Maquia is one of the best films I have seen to date. Amazing backgrounds, beautiful soundtracks, a vibrant world, and interesting side characters all enhanced the experience of watching the heartfelt, sincere development of a well-realized mother-son relationship. The love shown between Maquia and Ariel is unlike anything I’ve seen in media before, and the movie asked great questions that are still lingering in my head. It’s anime like Maquia that remind me of why I love this medium so much, and encourage me to continue writing about anime. I’m honored to have seen this film in theaters, and I hope more anime strive to perfectly portray the more complex human emotions and connections as Maquia did.
Maquia is an extraordinarily beautiful film, so the similar shows were a bit hard to nail down. Anyways, the first recommendation is AnoHana, another excellent original anime written by the fantastic Mari Okada. This anime is more about friendship from what I’ve heard, and it’s apparently also incredibly emotional and beautiful. KokoSake is also another great original anime written by Mari Okada.
The next two shows are both about parenthood; the first, Sweetness & Lightning, is about a father raising a daughter all on her own. While quite the reverse of Maquia’s basic plot, the loving relationship between parent and child is still present, and I’ve heard the show is fun, light, and charming due to its lovely cast. It also has a bit of cooking involved, so that’s a nice treat for some.
Wolf Children is also about parenthood, but specifically, this film tells the story of mother raising two very unique children. Directed by the talented Mamoru Hosoda, prominent for his excellent grasp on familial themes, Wolf Children is another anime on my. . . plan to watch list. I really need to start watching more. Oh, and what’s that? I’m tearing up from the trailer? Oh, not this again. . .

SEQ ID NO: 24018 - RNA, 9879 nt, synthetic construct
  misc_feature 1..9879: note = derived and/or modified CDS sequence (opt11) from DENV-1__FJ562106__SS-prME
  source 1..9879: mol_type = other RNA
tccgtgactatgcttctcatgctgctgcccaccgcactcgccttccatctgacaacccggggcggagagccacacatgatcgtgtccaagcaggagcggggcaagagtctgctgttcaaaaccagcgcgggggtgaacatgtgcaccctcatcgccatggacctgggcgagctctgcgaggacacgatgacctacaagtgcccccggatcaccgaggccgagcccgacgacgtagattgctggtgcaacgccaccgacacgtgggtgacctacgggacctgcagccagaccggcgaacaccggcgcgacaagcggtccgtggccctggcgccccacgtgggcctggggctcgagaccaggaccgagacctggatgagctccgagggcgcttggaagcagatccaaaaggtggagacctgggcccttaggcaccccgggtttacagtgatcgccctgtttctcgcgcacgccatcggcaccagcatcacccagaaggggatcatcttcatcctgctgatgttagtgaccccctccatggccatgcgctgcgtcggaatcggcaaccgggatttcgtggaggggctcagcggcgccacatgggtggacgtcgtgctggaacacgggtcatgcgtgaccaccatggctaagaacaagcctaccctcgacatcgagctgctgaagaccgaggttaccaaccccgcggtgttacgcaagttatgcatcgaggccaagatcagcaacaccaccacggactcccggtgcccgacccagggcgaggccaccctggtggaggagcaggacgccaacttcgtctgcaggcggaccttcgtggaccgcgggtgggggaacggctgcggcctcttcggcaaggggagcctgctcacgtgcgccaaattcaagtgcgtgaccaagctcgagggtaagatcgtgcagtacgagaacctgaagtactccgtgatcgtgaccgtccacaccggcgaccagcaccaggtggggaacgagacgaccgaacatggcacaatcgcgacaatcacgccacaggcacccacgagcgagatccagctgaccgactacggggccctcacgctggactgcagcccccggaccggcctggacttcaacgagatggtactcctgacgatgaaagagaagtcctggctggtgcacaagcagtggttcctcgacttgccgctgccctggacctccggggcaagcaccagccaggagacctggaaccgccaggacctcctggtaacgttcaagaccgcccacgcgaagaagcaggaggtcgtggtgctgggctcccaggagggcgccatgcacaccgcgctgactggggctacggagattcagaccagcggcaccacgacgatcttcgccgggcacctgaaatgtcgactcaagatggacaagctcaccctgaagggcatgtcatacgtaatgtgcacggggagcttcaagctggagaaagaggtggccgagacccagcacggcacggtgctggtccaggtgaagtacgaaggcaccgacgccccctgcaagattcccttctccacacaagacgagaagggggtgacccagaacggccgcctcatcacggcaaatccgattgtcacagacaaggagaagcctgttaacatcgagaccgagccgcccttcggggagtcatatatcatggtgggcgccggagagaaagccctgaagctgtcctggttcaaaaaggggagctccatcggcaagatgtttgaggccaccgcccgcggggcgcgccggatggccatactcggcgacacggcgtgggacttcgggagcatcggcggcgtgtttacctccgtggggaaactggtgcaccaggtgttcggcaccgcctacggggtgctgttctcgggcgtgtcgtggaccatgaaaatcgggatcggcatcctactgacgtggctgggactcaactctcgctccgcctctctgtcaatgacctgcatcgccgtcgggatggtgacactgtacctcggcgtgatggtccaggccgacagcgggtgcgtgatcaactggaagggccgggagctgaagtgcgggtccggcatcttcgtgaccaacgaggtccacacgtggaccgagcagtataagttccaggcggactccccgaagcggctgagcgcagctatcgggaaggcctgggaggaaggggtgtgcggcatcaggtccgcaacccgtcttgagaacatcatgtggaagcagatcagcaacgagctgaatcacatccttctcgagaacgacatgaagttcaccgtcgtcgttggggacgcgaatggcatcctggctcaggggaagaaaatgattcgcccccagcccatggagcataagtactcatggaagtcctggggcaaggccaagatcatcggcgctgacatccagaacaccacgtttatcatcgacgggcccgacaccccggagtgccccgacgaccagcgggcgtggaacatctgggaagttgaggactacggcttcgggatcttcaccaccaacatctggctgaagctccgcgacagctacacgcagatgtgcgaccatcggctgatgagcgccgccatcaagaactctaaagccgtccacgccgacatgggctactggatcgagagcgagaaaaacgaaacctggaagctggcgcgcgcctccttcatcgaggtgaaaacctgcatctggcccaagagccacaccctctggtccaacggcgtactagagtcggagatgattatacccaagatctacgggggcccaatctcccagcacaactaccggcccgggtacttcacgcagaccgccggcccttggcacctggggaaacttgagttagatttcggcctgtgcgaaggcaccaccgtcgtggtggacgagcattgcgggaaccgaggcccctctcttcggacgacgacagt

And lastly, Summer Wars is another film directed by Mamoru Hosoda. It’s quite the underrated film in my opinion (yes, I have actually seen this one), especially because it has such a brilliant story about family and community. It’s not about parenthood specifically, but Summer Wars is still an exciting, heartwarming anime that boasts genuine understanding of what “family” means and what it means to be a part of one.
Before I finish my review, I’ll tell a small story about watching Maquia. Currently I’m with my family during vacation, so I had the opportunity to watch the film with my parents. Since I knew Maquia was about parenthood, I went to the theater with my lovely mother.
After the film, my face was soaked with tears, and I simply had to hug her. The movie let me realize how hard she worked to raise me into a half-decent human, and it was genuinely moving to watch Ariel and Maquia suffer through hardships as a family. The movie also inspired me quite a bit, as I had been asking myself why I write at all during that time. The answer is simple: writing can explore real human experiences through unreal fictional stories, and there’s nothing quite as magical as that.
Thank you for reading, and I hope you have a theater nearby that’s showing this masterpiece. I know my friend has zero showings in her state (Pennsylvania), and that’s truly unfortunate. Other than that, I hope you enjoyed this longer, more emotional review from me, and I’ll work hard to keep writing interesting new articles.
Thanks again, and have a nice day.